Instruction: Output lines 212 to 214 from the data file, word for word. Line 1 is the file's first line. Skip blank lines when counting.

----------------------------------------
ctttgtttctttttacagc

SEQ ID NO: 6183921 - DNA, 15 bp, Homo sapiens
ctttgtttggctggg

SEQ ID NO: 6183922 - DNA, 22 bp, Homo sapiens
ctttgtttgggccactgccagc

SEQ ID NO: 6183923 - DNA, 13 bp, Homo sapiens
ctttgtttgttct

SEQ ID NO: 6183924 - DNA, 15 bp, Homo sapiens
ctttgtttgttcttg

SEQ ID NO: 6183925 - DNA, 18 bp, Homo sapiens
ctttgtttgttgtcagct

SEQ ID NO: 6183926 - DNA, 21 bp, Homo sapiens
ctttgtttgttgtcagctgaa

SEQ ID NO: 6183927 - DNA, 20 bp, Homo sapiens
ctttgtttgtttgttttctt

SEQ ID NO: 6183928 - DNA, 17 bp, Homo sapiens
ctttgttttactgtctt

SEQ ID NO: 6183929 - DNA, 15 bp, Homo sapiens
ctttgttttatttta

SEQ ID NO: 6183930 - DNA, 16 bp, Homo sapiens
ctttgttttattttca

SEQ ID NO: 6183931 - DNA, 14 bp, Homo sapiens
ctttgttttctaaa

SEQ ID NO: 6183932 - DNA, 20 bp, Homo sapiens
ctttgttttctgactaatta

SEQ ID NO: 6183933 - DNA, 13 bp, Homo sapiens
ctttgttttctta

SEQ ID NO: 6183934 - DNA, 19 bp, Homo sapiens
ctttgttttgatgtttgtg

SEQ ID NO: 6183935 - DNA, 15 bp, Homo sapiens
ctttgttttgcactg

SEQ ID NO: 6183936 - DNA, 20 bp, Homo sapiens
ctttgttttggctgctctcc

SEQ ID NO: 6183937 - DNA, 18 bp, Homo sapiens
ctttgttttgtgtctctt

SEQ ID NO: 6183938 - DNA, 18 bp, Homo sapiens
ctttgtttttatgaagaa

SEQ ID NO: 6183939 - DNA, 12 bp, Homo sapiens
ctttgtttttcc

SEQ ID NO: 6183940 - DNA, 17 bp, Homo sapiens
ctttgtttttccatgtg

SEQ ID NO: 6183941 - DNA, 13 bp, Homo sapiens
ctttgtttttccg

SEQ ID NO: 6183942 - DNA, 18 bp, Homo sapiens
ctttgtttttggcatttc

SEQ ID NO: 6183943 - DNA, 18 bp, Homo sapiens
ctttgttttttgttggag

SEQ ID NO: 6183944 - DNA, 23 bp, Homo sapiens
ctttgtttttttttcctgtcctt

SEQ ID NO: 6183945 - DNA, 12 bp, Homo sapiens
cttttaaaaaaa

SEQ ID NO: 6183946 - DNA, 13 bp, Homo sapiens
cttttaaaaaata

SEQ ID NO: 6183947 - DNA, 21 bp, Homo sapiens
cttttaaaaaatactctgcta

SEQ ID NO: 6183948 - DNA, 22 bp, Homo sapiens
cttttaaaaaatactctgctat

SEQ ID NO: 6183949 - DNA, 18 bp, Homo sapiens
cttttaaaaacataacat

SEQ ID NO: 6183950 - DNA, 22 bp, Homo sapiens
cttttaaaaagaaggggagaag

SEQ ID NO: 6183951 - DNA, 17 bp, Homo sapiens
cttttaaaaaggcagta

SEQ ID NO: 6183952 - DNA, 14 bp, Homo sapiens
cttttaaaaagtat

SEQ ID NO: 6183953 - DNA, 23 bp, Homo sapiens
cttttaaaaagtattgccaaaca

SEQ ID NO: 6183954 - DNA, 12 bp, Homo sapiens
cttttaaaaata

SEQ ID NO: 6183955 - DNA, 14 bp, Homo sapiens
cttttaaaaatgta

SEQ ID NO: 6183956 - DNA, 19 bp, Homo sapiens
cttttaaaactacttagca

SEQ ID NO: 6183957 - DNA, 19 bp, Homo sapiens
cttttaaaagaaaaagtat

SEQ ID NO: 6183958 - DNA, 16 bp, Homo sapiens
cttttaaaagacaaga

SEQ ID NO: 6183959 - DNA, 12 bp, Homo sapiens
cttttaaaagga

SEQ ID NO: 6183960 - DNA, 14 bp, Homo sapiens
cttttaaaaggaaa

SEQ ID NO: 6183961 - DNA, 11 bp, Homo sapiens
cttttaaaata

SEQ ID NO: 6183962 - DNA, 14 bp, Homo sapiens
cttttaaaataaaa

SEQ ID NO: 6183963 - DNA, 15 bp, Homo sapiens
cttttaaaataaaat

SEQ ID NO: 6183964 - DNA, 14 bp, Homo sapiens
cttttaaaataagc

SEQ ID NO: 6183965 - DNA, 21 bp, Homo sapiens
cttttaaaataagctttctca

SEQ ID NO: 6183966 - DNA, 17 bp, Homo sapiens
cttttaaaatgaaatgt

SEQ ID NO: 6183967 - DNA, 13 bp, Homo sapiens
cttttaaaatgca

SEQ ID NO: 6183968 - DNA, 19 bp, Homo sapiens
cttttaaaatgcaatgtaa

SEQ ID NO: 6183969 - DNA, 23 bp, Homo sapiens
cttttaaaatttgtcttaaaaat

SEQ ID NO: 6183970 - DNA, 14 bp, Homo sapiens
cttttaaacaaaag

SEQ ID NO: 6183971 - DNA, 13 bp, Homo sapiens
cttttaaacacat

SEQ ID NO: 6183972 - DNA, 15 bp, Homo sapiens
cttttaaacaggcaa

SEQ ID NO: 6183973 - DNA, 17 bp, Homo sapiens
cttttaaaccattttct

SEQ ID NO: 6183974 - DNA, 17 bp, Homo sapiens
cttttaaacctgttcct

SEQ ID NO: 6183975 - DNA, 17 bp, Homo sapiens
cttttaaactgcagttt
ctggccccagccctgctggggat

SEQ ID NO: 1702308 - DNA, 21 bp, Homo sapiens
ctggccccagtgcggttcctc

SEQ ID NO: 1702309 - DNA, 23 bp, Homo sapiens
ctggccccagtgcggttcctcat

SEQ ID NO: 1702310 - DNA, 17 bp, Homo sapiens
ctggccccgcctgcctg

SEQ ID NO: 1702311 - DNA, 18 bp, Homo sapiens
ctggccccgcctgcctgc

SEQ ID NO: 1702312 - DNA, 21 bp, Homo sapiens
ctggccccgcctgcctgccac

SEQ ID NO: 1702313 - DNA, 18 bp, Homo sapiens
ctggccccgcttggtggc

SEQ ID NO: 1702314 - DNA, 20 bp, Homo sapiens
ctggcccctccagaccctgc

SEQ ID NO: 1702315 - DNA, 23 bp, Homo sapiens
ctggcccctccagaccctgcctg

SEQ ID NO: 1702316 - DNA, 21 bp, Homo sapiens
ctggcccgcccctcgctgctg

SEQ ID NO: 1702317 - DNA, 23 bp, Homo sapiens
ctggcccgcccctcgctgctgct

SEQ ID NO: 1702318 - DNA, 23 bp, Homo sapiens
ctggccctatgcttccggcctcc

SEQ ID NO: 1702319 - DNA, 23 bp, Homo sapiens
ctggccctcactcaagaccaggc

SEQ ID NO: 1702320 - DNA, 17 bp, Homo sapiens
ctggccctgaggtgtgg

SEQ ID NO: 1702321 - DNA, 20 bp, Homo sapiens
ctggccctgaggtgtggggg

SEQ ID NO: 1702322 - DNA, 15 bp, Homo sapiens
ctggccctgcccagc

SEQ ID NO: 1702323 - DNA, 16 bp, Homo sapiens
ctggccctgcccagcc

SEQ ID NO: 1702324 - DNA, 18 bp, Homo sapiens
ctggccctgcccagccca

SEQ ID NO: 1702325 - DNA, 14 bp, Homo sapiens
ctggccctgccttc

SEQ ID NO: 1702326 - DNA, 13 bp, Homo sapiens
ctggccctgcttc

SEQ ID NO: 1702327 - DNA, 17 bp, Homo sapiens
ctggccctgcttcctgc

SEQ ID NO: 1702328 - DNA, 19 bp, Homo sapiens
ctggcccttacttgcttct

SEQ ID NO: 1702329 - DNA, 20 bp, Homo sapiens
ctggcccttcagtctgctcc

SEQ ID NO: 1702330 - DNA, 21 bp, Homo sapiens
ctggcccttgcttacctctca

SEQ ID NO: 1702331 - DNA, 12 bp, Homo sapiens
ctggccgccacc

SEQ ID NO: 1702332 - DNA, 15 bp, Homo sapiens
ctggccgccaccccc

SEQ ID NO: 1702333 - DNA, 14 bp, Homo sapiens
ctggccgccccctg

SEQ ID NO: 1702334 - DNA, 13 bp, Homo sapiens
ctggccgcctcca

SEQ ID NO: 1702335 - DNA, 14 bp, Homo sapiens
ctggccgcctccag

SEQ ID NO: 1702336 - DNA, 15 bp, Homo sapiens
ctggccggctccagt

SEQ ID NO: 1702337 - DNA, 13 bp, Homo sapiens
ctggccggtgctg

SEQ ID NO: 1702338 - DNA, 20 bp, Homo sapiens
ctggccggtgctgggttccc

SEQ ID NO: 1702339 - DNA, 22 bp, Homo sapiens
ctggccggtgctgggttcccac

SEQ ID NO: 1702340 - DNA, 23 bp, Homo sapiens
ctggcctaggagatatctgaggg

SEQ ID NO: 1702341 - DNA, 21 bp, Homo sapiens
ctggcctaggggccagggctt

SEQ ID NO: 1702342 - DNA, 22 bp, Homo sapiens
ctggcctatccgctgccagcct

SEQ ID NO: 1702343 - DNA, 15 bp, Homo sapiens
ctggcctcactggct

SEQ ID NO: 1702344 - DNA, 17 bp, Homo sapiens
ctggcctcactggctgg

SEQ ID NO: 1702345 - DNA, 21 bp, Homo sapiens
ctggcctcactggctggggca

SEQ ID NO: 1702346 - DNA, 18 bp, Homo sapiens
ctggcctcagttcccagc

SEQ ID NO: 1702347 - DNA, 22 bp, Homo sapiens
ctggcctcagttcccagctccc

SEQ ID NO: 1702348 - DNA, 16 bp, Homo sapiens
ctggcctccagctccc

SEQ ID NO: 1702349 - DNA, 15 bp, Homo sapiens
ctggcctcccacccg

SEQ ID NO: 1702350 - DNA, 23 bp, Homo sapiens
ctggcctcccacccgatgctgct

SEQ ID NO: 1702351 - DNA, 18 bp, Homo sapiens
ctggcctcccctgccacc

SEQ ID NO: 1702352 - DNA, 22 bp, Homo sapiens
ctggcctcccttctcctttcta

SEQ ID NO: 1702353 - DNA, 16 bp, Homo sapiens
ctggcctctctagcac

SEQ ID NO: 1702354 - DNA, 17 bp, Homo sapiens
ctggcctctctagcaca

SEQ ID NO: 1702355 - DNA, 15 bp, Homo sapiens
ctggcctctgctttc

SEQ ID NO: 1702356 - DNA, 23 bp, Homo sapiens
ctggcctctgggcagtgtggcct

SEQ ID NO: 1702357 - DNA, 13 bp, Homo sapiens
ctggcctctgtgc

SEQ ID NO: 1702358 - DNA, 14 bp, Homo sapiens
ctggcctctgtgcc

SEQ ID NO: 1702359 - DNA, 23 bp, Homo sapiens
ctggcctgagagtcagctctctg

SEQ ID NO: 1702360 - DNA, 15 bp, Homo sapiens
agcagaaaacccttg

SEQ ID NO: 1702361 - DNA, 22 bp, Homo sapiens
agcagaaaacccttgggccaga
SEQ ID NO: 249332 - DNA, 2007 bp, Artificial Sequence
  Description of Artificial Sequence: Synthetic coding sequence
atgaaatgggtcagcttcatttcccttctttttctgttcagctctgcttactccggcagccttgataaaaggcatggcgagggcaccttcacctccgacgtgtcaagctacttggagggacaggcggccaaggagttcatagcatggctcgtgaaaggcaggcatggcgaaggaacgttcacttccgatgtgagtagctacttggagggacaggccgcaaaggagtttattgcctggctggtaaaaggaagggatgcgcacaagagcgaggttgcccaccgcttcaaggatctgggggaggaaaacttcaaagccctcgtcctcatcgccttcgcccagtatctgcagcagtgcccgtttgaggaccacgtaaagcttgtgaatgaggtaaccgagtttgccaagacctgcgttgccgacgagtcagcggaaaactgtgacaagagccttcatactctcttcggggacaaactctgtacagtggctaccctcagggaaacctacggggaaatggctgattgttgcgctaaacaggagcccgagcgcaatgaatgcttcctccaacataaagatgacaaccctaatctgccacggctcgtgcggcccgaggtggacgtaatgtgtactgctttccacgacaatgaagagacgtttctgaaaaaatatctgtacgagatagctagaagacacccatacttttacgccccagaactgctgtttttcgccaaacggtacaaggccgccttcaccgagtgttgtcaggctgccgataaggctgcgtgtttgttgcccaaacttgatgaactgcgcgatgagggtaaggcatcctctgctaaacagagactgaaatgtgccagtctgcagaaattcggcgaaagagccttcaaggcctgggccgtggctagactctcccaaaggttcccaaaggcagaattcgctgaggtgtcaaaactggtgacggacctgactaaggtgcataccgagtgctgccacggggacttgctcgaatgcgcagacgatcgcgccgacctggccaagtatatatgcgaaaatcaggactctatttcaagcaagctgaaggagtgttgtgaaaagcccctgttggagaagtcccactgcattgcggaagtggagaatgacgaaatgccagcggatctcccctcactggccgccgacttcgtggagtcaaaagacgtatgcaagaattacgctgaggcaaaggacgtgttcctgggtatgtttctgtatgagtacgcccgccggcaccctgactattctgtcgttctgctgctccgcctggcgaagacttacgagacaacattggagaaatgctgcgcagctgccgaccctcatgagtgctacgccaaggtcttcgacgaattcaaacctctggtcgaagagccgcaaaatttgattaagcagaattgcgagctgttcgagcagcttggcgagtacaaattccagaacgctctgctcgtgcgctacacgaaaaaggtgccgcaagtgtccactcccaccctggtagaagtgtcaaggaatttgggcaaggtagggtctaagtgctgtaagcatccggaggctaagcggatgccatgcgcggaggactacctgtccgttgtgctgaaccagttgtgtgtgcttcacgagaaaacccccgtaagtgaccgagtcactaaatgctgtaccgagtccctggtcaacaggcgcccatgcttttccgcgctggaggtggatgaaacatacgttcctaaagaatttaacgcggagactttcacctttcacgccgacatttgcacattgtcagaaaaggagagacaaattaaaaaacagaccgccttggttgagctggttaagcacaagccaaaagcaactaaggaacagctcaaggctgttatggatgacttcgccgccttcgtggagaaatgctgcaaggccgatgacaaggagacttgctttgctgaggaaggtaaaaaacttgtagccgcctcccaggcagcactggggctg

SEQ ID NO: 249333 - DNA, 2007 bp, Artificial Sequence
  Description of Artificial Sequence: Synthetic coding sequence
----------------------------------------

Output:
ctggcctctgtgc

SEQ ID NO: 1702358 - DNA, 14 bp, Homo sapiens
ctggcctctgtgcc